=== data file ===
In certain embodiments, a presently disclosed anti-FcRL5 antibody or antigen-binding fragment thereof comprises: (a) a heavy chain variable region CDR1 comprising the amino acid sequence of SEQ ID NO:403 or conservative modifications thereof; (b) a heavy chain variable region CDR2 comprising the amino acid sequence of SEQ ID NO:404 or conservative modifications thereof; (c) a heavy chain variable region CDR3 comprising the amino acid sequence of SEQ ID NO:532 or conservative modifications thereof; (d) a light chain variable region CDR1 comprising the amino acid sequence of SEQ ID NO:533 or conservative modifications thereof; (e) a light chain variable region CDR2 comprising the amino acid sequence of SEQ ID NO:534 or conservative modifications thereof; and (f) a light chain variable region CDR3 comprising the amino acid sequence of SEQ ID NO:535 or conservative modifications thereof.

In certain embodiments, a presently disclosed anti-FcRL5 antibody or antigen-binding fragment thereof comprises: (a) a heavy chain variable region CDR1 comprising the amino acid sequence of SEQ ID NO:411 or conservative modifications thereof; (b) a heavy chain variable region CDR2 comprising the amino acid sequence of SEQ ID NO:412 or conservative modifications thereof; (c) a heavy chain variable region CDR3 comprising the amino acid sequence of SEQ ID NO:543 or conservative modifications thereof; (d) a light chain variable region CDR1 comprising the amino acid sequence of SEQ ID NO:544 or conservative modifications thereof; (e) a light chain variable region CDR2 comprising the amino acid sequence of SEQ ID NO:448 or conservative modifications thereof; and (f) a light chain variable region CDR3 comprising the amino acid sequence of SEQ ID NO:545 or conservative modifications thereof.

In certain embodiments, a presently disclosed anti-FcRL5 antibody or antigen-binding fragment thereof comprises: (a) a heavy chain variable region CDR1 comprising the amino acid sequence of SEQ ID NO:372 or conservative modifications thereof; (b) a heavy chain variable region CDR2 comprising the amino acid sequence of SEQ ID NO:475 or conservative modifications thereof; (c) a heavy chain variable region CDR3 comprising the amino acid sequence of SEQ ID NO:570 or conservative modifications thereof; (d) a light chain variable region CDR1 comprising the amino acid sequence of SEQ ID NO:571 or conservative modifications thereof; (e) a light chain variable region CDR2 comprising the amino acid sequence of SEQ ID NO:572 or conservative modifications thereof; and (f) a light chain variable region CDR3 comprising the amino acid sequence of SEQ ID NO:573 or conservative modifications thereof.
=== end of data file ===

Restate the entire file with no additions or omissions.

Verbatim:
In certain embodiments, a presently disclosed anti-FcRL5 antibody or antigen-binding fragment thereof comprises: (a) a heavy chain variable region CDR1 comprising the amino acid sequence of SEQ ID NO:403 or conservative modifications thereof; (b) a heavy chain variable region CDR2 comprising the amino acid sequence of SEQ ID NO:404 or conservative modifications thereof; (c) a heavy chain variable region CDR3 comprising the amino acid sequence of SEQ ID NO:532 or conservative modifications thereof; (d) a light chain variable region CDR1 comprising the amino acid sequence of SEQ ID NO:533 or conservative modifications thereof; (e) a light chain variable region CDR2 comprising the amino acid sequence of SEQ ID NO:534 or conservative modifications thereof; and (f) a light chain variable region CDR3 comprising the amino acid sequence of SEQ ID NO:535 or conservative modifications thereof.

In certain embodiments, a presently disclosed anti-FcRL5 antibody or antigen-binding fragment thereof comprises: (a) a heavy chain variable region CDR1 comprising the amino acid sequence of SEQ ID NO:411 or conservative modifications thereof; (b) a heavy chain variable region CDR2 comprising the amino acid sequence of SEQ ID NO:412 or conservative modifications thereof; (c) a heavy chain variable region CDR3 comprising the amino acid sequence of SEQ ID NO:543 or conservative modifications thereof; (d) a light chain variable region CDR1 comprising the amino acid sequence of SEQ ID NO:544 or conservative modifications thereof; (e) a light chain variable region CDR2 comprising the amino acid sequence of SEQ ID NO:448 or conservative modifications thereof; and (f) a light chain variable region CDR3 comprising the amino acid sequence of SEQ ID NO:545 or conservative modifications thereof.

In certain embodiments, a presently disclosed anti-FcRL5 antibody or antigen-binding fragment thereof comprises: (a) a heavy chain variable region CDR1 comprising the amino acid sequence of SEQ ID NO:372 or conservative modifications thereof; (b) a heavy chain variable region CDR2 comprising the amino acid sequence of SEQ ID NO:475 or conservative modifications thereof; (c) a heavy chain variable region CDR3 comprising the amino acid sequence of SEQ ID NO:570 or conservative modifications thereof; (d) a light chain variable region CDR1 comprising the amino acid sequence of SEQ ID NO:571 or conservative modifications thereof; (e) a light chain variable region CDR2 comprising the amino acid sequence of SEQ ID NO:572 or conservative modifications thereof; and (f) a light chain variable region CDR3 comprising the amino acid sequence of SEQ ID NO:573 or conservative modifications thereof.